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Naso- and oropharyngeal bacterial carriage in nursing home residents: Impact of multimorbidity and functional impairment.

Naso- and oropharyngeal bacterial carriage in nursing home residents: Impact of multimorbidity and functional impairment.
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Kwetkat A, Pfister W, Pansow D, Pletz MW, Sieber CC, Hoyer H,


Kwetkat A, Pfister W, Pansow D, Pletz MW, Sieber CC, Hoyer H, (click to view)

Kwetkat A, Pfister W, Pansow D, Pletz MW, Sieber CC, Hoyer H,

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PloS one 2018 01 0513(1) e0190716 doi 10.1371/journal.pone.0190716
Abstract
OBJECTIVE
From April 2013 to February 2014 we performed a multicentre prospective cross-sectional study in 541 German nursing home residents. We determined pharyngeal carriage of Streptococcus pneumoniae (primary objective) and other bacteria (secondary objective) in naso- and oropharyngeal swabs by culture-based standard procedures and explored the influence of multimorbidity and functional status on bacterial carriage.

METHODS
Socio-demographic data, vaccination status, multimorbidity, nutrition and functional status defined by Comprehensive Geriatric Assessment were evaluated. We estimated carriage rates with 95% confidence intervals (CI) and explored potential risk factors by logistic regression analysis.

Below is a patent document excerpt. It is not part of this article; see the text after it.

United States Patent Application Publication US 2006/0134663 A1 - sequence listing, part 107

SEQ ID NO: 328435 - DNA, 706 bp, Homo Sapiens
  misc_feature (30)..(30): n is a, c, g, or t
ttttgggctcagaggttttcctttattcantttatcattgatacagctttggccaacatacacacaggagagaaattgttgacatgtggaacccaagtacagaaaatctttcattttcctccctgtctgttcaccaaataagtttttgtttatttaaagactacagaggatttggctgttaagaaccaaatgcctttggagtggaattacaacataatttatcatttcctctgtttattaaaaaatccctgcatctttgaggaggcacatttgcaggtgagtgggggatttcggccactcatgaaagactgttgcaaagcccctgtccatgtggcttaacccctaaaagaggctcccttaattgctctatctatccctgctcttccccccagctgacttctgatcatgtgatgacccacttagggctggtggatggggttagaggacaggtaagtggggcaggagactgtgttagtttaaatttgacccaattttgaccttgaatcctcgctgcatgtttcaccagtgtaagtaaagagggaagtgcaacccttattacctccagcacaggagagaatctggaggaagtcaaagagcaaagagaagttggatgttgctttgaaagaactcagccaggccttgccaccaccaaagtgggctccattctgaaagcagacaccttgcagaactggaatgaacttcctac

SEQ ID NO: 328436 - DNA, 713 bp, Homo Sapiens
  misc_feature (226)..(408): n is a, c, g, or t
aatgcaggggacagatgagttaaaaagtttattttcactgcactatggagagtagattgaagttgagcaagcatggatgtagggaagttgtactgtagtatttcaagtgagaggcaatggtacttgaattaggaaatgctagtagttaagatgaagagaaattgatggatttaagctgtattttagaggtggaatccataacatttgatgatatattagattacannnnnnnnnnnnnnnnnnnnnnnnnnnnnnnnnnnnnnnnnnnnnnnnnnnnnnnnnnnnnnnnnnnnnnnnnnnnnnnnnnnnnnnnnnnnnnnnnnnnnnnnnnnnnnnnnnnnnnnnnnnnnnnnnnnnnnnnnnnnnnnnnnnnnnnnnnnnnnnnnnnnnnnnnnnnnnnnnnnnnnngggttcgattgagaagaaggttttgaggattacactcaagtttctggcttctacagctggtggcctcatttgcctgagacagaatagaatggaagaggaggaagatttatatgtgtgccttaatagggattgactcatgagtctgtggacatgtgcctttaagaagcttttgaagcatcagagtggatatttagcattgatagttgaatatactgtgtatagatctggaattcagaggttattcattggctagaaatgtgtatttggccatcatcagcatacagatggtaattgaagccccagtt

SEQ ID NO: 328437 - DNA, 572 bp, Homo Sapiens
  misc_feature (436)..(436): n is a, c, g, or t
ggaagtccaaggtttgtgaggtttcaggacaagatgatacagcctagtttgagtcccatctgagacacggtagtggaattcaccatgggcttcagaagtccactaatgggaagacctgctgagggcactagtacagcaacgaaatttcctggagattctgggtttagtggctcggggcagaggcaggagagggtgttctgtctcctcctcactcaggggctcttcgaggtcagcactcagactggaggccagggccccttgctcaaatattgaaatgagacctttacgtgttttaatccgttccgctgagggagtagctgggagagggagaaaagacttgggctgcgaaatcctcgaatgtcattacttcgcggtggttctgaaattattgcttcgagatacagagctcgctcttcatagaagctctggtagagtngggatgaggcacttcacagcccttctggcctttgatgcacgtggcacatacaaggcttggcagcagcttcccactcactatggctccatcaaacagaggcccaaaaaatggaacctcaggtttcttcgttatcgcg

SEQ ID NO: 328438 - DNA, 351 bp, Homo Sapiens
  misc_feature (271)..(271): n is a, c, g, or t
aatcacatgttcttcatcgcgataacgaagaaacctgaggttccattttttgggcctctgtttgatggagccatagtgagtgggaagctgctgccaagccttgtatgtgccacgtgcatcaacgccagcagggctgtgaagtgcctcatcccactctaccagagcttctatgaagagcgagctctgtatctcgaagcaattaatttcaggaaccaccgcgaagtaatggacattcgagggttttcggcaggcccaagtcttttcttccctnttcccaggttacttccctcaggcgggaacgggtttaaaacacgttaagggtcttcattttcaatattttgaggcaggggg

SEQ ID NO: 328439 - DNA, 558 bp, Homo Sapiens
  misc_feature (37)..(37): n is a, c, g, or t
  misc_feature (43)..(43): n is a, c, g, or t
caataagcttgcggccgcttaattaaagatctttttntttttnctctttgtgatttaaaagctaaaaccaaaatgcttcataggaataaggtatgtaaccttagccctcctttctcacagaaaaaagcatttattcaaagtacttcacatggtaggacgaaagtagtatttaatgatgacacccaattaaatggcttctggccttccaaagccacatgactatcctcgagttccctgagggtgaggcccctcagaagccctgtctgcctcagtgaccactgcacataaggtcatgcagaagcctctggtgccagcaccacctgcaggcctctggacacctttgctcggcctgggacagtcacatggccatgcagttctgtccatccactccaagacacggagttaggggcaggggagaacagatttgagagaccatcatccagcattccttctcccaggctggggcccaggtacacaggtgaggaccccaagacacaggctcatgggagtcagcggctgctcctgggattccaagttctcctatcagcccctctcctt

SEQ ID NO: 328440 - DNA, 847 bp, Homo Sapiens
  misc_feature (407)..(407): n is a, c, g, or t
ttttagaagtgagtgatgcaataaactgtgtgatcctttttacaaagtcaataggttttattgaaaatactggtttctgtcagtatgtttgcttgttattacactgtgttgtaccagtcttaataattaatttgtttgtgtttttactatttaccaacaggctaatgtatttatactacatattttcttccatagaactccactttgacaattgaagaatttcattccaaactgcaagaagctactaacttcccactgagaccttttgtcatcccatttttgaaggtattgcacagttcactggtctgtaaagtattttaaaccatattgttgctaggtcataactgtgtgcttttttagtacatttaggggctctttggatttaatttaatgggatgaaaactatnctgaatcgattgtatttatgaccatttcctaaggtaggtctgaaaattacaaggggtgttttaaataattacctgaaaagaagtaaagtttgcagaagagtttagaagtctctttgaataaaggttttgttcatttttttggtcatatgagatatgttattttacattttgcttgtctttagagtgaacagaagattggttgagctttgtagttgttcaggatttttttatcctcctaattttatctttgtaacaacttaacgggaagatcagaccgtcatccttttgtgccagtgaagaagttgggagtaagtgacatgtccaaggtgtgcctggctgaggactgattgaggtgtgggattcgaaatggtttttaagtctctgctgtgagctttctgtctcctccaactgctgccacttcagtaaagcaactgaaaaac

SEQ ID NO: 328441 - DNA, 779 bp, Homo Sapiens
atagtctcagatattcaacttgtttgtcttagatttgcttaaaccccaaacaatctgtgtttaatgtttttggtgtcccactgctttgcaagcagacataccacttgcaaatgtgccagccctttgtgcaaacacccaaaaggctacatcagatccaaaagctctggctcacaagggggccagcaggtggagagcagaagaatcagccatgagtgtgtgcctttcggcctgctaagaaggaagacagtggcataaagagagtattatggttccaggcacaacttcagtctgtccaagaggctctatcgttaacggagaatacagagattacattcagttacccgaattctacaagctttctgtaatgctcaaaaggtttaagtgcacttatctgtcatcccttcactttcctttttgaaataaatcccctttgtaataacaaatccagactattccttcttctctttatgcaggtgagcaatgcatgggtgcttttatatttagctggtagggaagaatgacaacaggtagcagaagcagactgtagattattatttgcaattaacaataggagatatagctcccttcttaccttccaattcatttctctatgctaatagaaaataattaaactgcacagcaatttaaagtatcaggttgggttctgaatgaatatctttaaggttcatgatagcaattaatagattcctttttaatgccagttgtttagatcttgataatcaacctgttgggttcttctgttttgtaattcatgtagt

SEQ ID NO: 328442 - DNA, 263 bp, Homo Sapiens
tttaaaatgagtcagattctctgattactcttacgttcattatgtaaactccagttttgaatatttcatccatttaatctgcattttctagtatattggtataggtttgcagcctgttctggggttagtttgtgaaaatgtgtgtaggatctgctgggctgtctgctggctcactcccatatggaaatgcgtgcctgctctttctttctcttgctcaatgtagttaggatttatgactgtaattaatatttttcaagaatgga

RESULTS
Pneumococcal post-serotyping carriage rate was 0.8% (95%CI 0.2-1.9%; 4/526). Serotyping revealed serotypes 4, 7F, 23B and 23F and S. pseudopneumoniae in two other cases. Odds of carriage were higher in men (Odds ratio OR 5.3 (95%CI 0.9-29.4)), in malnourished residents (OR 4.6 (0.8-25.7)), residents living in shared rooms (OR 3.0 (0.5-16.5)) or having contact with schoolchildren (OR 2.0 (0.2-17.6)). The most frequent pathogen was Staphylococcus aureus (prevalence 29.5% (25.6-33.6%)) with meticillin-resistant Staphylococcus aureus prevalence of 1.1%. Gram-negative bacteria (GNB) were found in 22.5% (19.0-26.3%) with a prevalence of extended-spectrum beta lactamase (ESBL) producing bacteria of 0.8%. Odds of S. aureus carriage were higher for immobility (OR 1.84 (1.15-2.93)) and cognitive impairment (OR 1.54 (0.98-2.40)). Odds of GNB carriage were higher in residents with more severe comorbidity (OR 1.13 (1.00-1.28)) and malnutrition (OR 1.54 (0.81-2.91)).

CONCLUSIONS
Given the observed data, at least long-term carriage of S. pneumoniae in nursing home residents seems to be rare and rather unlikely to cause nursing home acquired pneumonia. The low rate of colonization with multi drug resistant (MDR) bacteria confirms that nursing home residency is not a risk factor for MDR pneumonia in Germany. For individual risk assessment in this susceptible population, immobility and malnutrition should be considered as signs of functional impairment as well as comorbidity.

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